Zomato

Zomato and Swiggy were described as “middlemen” by NRAI, which said that the food supply businesses were trying to establish an “agency foothold” in the dine-in sector after sucking the “last ounce of money” from the supply segment.

Additionally, NRAI claimed that the restaurants might be forced to pay the “exorbitant” costs of discounts and high commissions while the food tech companies sign up dine-in customers.

According to NRAI, “when more people alter their payment practices due to the allure of discounts and cashback, their terms of engagement with the restaurants will shift unilaterally.

According to the statement, intermediaries will now have free reign to invade the dine-in experience because they were denied access to critical information on restaurant supply customers.

The Bone Of Competition

According to NRAI, restaurants are required to offer discounts ranging from 15% to 40% to customers who choose to pay using their payment gateways.

The new dine-in options, under which restaurants must also pay a fee in the range of 4%-12% to implement Zomato’s and Swiggy’s payment gateways at their premises, were also criticized by the article.

Whereas rival fee gateway costs are 1–1.5%, restaurants will pay 4%–12% over time in regions where there isn’t a levy on dine-in profits, it was reported.

The weekly payouts appear to be another level of competition among the restaurateurs. Large-volume eateries risk having their money held hostage by food tech companies for weeks on end, which will reduce the amount of liquidity available to them.

The NRAI also criticized the businesses for the rivalry in which restaurants guarantee to give discounts to anyone who uses Zomato Pay or Swiggy Diner, even if the customer simply walked in after finding the location on the corresponding apps.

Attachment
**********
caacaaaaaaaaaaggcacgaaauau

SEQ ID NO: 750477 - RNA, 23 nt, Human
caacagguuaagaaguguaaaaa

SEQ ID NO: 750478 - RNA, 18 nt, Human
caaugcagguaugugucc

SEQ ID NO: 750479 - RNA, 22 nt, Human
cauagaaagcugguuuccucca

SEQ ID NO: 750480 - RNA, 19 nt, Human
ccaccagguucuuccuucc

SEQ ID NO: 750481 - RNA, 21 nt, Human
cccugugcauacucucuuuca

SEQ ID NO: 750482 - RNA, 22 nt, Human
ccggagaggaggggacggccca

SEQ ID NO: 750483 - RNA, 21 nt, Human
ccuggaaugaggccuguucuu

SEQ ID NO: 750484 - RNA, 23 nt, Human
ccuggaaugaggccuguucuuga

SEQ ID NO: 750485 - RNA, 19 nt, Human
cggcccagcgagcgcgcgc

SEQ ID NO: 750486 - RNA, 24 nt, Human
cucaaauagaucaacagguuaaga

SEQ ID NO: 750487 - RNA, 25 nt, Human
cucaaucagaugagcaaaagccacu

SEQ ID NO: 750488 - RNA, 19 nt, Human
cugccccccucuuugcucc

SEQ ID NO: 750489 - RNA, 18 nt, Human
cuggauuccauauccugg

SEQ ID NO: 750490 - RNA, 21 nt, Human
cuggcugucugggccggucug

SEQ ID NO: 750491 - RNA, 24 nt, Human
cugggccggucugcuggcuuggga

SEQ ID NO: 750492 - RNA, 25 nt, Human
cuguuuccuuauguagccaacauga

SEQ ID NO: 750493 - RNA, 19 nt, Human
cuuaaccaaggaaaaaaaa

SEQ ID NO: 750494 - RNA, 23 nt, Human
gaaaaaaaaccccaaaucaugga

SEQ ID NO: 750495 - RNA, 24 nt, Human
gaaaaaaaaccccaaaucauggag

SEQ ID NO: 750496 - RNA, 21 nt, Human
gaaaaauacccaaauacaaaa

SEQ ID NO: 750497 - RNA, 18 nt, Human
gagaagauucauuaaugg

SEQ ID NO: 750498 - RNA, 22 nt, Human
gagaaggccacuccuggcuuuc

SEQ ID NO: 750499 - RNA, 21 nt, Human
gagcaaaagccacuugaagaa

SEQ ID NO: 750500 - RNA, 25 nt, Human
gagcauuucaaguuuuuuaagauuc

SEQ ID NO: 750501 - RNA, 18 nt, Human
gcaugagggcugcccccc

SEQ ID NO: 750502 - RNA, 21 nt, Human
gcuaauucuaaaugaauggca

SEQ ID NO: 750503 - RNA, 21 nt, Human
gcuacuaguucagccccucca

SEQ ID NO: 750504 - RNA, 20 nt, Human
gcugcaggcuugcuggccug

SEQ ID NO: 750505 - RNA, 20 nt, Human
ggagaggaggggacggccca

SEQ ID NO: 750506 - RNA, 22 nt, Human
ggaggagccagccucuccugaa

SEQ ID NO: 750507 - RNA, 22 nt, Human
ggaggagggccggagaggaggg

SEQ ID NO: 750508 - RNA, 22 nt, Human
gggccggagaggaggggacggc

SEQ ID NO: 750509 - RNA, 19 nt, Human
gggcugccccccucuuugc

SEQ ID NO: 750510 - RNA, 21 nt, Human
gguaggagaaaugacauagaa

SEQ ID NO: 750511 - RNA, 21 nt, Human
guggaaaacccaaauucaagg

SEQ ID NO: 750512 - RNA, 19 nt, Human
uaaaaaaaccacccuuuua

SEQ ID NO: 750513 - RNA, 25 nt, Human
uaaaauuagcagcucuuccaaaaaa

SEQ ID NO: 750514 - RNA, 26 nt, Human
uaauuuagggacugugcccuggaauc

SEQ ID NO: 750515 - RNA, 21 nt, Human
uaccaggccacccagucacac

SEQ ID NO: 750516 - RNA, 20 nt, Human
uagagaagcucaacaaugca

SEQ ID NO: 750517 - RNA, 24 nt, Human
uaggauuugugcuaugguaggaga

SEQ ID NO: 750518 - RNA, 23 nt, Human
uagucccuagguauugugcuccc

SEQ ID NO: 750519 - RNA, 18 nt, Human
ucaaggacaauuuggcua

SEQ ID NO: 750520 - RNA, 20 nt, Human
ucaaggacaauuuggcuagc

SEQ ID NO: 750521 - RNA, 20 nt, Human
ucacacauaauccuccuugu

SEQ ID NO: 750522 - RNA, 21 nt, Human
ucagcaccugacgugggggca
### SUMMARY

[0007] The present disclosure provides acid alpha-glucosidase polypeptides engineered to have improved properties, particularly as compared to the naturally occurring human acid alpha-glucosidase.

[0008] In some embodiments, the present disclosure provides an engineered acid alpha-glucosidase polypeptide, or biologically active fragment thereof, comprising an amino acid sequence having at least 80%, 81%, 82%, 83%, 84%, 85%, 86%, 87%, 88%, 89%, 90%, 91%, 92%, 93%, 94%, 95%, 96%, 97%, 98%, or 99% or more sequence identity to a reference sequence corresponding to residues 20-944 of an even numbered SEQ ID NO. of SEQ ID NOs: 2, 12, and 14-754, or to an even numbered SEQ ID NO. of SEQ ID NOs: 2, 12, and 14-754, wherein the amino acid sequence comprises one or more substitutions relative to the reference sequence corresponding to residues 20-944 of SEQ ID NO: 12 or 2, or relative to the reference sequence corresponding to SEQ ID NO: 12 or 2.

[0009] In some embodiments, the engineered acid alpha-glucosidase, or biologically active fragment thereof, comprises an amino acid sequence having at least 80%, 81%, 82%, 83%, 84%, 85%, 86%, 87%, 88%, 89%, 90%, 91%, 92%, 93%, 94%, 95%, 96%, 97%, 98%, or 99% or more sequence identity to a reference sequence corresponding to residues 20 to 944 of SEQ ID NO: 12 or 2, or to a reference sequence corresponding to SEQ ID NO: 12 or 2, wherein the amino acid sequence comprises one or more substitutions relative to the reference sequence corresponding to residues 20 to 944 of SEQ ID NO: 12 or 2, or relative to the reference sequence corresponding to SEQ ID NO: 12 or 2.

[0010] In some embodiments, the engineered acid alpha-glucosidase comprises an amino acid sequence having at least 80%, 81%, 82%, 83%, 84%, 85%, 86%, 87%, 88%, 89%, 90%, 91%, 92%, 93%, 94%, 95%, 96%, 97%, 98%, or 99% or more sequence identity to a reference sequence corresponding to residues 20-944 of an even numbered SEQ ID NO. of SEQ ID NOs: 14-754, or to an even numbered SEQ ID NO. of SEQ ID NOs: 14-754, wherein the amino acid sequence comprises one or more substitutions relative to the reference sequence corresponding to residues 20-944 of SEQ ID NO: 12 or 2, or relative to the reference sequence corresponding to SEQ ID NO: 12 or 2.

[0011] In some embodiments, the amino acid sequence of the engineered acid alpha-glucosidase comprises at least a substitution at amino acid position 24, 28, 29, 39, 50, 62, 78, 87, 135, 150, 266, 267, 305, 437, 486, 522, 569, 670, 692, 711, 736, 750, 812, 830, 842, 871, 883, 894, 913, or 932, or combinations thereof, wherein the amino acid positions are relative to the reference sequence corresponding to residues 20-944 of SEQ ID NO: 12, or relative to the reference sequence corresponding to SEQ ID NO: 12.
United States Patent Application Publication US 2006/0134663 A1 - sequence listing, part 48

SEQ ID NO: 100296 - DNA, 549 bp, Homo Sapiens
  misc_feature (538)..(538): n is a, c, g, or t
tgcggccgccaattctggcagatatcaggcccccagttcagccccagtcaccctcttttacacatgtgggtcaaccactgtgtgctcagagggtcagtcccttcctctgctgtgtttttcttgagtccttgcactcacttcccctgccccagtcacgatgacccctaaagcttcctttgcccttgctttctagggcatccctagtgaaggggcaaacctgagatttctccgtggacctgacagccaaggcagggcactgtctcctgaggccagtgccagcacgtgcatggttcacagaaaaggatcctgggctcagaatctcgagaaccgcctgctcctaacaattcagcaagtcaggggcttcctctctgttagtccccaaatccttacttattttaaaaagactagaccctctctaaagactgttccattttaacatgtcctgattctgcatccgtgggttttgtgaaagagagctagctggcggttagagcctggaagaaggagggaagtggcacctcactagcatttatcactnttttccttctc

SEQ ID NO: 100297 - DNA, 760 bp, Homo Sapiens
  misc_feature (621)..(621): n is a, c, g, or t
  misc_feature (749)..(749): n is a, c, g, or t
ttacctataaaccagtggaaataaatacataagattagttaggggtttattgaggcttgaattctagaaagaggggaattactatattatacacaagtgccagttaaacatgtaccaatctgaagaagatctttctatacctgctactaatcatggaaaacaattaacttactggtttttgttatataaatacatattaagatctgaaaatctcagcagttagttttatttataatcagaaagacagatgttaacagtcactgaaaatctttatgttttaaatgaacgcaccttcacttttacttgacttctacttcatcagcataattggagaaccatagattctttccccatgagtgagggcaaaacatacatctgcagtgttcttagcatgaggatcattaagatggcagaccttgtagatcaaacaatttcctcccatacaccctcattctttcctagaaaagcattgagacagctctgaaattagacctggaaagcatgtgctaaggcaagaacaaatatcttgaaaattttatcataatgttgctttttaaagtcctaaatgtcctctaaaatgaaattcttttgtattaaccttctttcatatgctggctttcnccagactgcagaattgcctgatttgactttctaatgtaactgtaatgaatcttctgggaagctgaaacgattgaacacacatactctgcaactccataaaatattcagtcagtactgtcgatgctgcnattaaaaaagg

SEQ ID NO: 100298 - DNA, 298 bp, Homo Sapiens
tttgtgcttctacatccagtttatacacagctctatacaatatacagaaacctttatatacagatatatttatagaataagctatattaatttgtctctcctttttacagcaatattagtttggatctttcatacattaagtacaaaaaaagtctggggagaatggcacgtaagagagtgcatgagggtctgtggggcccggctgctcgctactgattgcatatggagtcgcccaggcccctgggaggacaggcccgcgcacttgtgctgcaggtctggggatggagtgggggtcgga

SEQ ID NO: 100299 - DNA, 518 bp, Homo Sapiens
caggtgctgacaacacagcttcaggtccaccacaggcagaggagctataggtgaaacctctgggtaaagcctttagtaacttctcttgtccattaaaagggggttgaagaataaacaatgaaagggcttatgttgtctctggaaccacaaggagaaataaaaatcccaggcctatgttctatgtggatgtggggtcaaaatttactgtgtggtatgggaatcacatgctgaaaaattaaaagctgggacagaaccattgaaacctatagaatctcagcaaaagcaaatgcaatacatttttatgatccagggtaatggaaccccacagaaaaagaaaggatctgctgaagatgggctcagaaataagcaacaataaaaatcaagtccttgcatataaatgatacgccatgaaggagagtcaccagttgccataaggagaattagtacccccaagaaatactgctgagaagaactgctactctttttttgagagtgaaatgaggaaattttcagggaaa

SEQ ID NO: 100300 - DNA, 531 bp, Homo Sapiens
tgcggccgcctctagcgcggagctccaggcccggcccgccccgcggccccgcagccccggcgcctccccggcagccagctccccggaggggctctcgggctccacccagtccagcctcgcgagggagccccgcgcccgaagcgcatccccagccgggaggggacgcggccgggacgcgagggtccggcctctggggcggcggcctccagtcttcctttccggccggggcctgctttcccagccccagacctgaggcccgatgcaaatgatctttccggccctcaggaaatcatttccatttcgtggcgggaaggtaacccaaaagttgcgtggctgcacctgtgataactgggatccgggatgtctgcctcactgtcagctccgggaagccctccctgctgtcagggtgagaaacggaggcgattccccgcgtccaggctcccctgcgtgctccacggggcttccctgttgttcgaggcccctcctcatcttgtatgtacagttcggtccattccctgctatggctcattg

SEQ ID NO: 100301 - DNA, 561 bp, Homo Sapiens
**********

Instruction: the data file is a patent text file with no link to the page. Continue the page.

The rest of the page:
Zomato Gold Comes Full Circle?

Zomato

The standoff is a tribute to a similar dispute that broke out in 2019. While Zomato established its Gold membership level in 2017, restaurants that had grown tired of the model decided to “Logout” of the project, thereby terminating the dine-in option.

Under Zomato Gold, the food tech participant connected a selected group of restaurants offering previous significant discounts to reportedly high-spending ‘premium’ clients. The promise of “premium” prospects who would boost high-value transactions has been used to entice restaurants.

However, NRAI asserted that the membership was purchased by tens of millions of people, which diminished the restaurants’ “model value.”

The corporate body also claimed that Zomato Pay and Swiggy Diner were the two companies’ responses to revive the “Zomato Gold” membership in order to “widen the pie.”

It also criticized them for charging high transaction fees for deliveries, noting that the two platforms had been expanding into the dine-in market to increase their revenue.

Zomato and its rival Swiggy combined control 90–95% of the Indian food supply market, making it essentially a duopoly. According to Statista, the net meals supply phase is anticipated to generate earnings of up to $12.14 billion in 2022 and $20.27 billion by 2027.

edited and proofread by nikita sharma